After some discussion it was decided that, with the permission of the Town of Carrboro, the sculpture would be placed in front of Town Hall in the bricked circle which is typically only used in December for a metal Christmas tree.
"The Mandala symbolizes unity and acceptance," says Tamera. "The nine points surround the core, representing the different paths of the world’s religions, all of which come from the same spiritual source. When contemplated upon, the Mandala is thought to have healing powers. Gaze at this symbol with the hope of healing your heart and thus help bring peace to our world."
In early September, 2002, Tamera and her husband Vernon, with the help of Carrboro Public Works employees and Director Chris Peterson, installed the Mandala. The general consensus was that the piece had found a perfect home. The town arranged to buy the Mandala and leave it in the spot permanently.
North Carolina Governor Mike Easley put an end to that transaction by slashing the funds of local governments, withholding much needed sales tax revenue in order to balance the state budget in 2002. The day they were leaving to go on vacation, Tamera received a phone call telling her the deal was off.
"It broke my heart," says Mulanix, a metal artist who resides in rural Chatham County. "The piece was just so perfect for that spot."
Mulanix grew up in Grand Blanc, Michigan, a tomboy who comes from a family of welders and was always fascinated by the process. After honing her craft as a department store display designer, Tamera met her soul mate, Vernon, and together they escaped the rigors of city life by moving to Pittsboro, NC. She studied welding and blacksmithing with John Amaro at CCCC for about a year, then continued learning on her own and taking classes. Mulanix has a passion for taking rusty scrap metal and turning it into art.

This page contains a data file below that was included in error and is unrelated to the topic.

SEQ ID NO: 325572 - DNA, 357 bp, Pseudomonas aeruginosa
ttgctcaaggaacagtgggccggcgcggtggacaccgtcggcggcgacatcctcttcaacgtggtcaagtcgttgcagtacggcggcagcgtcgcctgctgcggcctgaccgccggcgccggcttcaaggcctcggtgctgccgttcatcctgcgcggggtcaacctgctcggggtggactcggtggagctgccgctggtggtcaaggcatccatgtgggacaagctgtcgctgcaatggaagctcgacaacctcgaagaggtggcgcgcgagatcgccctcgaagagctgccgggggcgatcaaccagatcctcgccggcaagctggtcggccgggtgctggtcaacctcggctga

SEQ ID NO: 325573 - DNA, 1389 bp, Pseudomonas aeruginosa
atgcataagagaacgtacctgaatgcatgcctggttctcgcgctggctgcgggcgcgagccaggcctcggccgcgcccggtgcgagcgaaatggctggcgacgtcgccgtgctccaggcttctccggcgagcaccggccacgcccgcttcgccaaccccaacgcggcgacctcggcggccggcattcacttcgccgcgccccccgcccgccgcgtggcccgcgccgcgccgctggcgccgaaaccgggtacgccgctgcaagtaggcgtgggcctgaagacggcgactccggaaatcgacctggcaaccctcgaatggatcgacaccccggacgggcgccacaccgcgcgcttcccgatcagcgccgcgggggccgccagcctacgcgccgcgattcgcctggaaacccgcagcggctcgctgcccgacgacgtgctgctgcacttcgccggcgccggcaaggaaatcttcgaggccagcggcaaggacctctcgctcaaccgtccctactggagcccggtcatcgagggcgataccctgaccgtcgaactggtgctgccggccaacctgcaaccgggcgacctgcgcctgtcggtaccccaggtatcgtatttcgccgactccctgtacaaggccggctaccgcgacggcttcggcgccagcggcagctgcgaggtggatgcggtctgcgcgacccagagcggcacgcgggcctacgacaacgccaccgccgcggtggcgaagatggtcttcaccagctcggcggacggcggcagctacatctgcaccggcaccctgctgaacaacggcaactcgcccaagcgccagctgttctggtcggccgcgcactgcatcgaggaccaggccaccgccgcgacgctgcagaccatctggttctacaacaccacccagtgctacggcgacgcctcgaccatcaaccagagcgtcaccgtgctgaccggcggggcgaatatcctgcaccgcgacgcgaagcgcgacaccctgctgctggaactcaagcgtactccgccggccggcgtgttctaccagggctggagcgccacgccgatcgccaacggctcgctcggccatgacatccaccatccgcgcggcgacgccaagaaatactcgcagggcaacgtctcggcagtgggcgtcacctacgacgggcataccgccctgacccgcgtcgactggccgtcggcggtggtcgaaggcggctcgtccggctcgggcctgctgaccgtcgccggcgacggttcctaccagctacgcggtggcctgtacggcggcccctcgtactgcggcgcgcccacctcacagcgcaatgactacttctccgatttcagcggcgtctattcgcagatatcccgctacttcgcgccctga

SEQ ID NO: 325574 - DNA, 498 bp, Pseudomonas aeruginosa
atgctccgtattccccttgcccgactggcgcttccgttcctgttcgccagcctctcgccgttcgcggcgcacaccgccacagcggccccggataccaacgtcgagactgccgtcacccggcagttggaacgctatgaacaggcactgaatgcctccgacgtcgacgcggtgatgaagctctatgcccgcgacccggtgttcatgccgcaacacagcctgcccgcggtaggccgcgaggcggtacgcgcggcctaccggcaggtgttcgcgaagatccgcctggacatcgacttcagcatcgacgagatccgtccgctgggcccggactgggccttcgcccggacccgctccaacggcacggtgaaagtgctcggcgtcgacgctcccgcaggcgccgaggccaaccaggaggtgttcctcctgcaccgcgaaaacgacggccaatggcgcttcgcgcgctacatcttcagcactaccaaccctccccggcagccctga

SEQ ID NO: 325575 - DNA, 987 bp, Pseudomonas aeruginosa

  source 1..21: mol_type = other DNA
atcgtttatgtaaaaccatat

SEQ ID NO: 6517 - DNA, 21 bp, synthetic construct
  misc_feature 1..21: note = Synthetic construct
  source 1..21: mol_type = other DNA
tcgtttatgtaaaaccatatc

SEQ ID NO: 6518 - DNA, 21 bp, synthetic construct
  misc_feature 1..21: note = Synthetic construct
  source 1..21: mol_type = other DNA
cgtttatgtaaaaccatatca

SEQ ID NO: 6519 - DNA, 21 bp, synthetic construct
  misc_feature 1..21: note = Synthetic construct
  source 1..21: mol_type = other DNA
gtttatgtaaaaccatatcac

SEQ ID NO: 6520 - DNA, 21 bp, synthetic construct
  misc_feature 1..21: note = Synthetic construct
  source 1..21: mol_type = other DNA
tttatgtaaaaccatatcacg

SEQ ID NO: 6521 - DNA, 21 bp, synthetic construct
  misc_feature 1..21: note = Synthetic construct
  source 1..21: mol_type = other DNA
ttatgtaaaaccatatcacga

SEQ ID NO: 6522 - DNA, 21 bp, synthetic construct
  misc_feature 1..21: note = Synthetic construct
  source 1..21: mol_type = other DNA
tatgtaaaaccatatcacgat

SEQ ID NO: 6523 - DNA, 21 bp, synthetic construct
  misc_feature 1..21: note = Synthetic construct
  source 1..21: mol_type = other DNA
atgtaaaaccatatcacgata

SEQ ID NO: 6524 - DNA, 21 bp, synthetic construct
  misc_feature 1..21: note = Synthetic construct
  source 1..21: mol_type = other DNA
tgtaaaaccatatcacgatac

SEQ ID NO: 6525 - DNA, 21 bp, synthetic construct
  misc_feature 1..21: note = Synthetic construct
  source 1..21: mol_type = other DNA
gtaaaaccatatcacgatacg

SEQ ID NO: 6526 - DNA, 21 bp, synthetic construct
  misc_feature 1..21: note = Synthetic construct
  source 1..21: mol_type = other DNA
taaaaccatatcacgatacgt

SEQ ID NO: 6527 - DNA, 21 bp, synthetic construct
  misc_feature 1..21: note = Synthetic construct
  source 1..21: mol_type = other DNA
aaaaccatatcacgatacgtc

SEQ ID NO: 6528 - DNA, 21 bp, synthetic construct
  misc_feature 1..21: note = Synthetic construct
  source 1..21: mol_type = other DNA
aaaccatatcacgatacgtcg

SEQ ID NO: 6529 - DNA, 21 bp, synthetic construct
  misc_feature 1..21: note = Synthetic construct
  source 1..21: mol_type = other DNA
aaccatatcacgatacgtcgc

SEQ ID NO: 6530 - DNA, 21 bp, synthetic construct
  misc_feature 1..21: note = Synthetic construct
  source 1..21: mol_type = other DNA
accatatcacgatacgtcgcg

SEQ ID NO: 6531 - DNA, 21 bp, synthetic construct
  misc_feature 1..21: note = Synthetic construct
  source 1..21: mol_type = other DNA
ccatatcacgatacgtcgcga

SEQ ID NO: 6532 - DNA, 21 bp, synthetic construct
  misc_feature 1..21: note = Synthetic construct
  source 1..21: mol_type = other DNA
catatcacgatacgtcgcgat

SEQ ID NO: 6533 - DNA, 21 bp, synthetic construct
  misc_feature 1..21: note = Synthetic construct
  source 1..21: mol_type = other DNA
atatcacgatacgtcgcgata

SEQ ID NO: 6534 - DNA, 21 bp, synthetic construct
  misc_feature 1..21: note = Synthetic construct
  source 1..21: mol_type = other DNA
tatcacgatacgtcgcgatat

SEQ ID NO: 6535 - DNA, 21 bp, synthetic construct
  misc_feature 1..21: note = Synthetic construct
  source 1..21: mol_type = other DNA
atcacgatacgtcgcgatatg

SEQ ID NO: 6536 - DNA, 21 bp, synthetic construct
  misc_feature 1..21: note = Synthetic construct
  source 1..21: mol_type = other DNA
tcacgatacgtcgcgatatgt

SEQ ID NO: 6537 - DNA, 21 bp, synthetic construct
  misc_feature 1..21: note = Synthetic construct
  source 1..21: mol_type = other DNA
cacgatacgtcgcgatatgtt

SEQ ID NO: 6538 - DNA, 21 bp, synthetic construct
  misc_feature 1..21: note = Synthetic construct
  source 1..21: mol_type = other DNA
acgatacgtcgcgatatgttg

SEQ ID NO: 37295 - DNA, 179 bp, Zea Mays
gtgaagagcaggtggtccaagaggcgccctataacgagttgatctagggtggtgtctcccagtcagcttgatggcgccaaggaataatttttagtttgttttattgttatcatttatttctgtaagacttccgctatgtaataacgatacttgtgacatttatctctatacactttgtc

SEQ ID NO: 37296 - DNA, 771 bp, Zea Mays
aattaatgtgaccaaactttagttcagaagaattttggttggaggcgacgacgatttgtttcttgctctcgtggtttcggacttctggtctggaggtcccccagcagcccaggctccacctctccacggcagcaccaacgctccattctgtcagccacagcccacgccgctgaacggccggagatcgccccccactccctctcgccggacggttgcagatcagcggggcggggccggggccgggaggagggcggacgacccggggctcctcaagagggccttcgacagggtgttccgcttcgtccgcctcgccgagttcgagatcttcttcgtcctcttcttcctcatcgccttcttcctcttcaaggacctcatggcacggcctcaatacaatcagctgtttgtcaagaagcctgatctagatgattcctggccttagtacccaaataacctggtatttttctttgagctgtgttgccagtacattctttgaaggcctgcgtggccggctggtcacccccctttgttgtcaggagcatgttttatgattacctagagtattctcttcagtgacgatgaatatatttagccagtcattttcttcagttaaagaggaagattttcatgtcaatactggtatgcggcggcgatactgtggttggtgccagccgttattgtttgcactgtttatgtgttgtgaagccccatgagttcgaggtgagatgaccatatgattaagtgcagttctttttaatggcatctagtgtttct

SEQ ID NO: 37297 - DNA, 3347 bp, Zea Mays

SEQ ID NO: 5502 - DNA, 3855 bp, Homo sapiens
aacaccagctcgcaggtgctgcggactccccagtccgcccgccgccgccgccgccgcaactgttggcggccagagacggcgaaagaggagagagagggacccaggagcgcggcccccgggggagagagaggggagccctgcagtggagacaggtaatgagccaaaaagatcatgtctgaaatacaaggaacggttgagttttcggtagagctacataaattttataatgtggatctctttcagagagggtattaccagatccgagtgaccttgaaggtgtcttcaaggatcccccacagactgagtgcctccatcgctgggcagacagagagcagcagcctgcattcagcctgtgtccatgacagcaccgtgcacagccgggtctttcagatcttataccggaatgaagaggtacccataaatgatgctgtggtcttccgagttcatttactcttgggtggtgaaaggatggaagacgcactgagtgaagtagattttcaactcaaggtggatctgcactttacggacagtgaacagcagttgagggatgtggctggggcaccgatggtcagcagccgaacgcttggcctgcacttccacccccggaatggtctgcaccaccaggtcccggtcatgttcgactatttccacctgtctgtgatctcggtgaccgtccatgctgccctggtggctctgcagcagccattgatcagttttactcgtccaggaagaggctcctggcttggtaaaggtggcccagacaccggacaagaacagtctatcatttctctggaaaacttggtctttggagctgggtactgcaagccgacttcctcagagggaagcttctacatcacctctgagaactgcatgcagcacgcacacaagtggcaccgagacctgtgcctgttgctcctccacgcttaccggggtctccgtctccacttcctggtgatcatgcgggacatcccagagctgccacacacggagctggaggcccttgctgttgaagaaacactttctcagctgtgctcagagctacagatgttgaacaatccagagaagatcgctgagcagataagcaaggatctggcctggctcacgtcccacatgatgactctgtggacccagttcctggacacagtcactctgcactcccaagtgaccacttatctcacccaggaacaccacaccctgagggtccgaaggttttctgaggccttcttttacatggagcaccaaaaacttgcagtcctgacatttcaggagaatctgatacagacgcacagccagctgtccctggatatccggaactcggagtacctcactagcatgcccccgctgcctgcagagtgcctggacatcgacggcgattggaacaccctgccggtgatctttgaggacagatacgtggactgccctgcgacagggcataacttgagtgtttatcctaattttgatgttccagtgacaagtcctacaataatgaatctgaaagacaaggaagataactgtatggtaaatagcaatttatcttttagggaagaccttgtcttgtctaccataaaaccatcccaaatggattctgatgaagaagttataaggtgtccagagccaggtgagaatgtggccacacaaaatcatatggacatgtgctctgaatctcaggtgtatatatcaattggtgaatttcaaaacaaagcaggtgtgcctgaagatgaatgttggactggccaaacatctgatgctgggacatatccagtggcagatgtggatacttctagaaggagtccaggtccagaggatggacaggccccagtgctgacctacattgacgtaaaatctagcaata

Tamera wasn't the only person who was sorry to see the Mandala go. She was nice enough to let it remain in the spot until Christmas, when the metal Christmas tree was put up for the holidays. When Art Committee members learned of the removal of the Mandala, they were quite distressed. They had discussed the possibility of putting a sculpture in that spot for years. To have it and then lose it was a very unhappy turn of events.
It was a stroke of luck when Tamera brought her work to the Carrboro Learning Place and Art Gallery to display in an exhibit in April of 2003. When Mulanix related her tale of woe to Art Committee member Jackie Helvey-Hayes at the exhibit opening, Jackie promised she would see what she could do to raise the funds necessary to put the Mandala of peace back on its perch at Town Hall.
Given the current economic climate, raising money to buy art is no easy task. With many businesses and individuals struggling just to make ends meet, it seemed unlikely that such a generous donor would be found.
A few months later Helvey-Hayes, who was a member of the 5000 Flowers Committee and had worked with Tamera on the coordinating the initial installation of the piece, received a phone call from Art Committee Chairperson Catherine DeVine. The Art Committee coffers had been stripped the year before, but now there was money in the coffers, and DeVine had the perfect idea how to spend it.
"We should buy a piece of art," said Catherine.
"What a great idea!" replied Helvey-Hayes. "I know the perfect piece."
The problem became the price. When Jackie called Tamera to check on the price of the piece, she learned it was more than the Art Committee had. Mulanix knew that the Mandala belonged in that spot though, and on hearing the amount available to purchase the piece, immediately agreed to negotiate on the price.
"It was the right thing to do," said Tamera.
On June 10 Carrboro Mayor Mike Nelson put forth a resolution to purchase the Mandala to the Board of Alderman. The Board unanimously agreed. On Friday, June 27, 2003, the Mandala was returned to its original location in front of Carrboro Town Hall. This time it's here to stay, home at last.
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